As part of the second phase of its Earth Explorer Opportunity Missions (EEOM) programme, the European Space Agency (ESA) has selected three new proposals for feasibility study.

In the first instance, the Atmospheric and Climate Explorer (ACE) project envisages the use of a constellation of four satellites orbiting the Earth at 650 x 850 km and employing intersatellite cross-link measurement.

The European contribution to the Global Precipitation Mission (EGPM) proposal would make use of a sun-synchronous, polar-orbiting craft, while a programme known as SWARM would see two constellations of two satellites each placed in two orbital planes at 400 to 500 km altitude to study the Earth's magnetic field.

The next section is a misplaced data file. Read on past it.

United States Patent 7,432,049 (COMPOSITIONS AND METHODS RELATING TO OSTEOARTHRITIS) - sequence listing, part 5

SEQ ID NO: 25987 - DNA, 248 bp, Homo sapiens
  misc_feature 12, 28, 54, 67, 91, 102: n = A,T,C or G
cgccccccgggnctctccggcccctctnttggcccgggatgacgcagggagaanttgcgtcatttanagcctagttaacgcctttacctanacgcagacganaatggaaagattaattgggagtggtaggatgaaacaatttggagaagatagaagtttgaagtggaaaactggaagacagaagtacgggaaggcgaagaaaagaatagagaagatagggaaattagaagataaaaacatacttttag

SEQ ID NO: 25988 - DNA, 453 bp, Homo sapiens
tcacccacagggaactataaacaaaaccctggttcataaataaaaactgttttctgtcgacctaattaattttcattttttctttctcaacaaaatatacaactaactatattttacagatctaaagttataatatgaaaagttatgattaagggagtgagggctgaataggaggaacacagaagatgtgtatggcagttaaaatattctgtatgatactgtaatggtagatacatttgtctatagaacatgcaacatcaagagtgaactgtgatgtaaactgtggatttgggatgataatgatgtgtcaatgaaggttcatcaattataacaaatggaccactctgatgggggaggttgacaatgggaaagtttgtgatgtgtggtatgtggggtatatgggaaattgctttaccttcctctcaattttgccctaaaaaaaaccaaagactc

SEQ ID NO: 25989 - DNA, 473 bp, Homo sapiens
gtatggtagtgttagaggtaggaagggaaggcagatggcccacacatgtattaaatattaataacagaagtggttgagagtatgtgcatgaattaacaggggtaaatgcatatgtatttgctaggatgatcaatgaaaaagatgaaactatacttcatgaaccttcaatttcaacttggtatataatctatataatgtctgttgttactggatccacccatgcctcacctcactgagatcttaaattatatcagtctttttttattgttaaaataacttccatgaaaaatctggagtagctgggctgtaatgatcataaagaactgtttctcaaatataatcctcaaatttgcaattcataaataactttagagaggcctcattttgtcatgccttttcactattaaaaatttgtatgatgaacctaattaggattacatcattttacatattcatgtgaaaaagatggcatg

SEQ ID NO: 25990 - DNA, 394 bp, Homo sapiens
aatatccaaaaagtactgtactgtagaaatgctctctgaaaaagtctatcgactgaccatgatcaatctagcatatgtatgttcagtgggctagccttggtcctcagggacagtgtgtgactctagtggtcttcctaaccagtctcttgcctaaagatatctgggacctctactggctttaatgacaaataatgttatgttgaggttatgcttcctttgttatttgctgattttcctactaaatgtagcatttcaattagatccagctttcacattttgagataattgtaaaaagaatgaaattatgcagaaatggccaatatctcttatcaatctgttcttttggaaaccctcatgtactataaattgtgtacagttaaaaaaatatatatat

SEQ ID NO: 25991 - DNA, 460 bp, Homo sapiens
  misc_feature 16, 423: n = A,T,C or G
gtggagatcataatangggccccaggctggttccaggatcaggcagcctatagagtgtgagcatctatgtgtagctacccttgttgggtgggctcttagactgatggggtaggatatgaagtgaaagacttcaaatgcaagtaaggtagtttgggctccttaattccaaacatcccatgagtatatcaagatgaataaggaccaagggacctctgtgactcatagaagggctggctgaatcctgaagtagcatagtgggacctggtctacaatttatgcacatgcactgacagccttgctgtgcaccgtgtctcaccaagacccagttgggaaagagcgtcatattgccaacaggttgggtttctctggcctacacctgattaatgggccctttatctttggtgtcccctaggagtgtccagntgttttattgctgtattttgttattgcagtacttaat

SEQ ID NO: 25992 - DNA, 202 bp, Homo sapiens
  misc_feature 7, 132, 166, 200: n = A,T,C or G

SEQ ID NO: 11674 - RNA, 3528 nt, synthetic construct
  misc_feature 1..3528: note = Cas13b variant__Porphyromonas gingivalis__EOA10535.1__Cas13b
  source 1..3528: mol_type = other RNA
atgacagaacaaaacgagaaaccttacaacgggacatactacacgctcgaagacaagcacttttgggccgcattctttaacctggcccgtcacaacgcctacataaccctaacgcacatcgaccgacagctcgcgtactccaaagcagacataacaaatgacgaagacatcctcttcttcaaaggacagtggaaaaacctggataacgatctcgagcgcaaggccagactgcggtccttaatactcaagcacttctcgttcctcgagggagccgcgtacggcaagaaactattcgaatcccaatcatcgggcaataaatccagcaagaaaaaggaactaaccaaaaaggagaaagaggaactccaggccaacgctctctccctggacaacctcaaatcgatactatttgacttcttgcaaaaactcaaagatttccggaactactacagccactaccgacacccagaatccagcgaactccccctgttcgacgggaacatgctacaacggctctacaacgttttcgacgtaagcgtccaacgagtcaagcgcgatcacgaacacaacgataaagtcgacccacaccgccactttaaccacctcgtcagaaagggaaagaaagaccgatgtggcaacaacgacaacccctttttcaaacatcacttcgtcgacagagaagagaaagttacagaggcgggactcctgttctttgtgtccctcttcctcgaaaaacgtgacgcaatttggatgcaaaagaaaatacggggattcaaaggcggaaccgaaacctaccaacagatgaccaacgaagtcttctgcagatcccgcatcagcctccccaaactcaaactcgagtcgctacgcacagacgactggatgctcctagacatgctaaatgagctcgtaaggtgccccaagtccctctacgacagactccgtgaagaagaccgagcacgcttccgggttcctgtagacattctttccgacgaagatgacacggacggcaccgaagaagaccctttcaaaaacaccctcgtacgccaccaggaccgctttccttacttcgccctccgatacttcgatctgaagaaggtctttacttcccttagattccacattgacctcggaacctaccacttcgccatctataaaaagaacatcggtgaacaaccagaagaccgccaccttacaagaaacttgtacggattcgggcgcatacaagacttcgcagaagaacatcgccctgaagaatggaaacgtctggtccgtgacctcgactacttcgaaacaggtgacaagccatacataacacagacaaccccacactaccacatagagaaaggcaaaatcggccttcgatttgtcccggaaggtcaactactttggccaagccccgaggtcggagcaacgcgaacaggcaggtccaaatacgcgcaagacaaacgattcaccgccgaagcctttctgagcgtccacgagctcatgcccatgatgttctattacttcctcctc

At the time of going to press, ESA was expected to proceed with two of these projects, with an initial launch date of 2008 and a budget of €110 million ($108.4 M). EEOM phase one began during 1999 and will see the Cryosat satellite (designed to monitor the world's ice sheets and sea ice distribution) launched during 2004 and the Soil Moisture and Ocean Salinity (SMOS) mission lift-off two years later in 2006.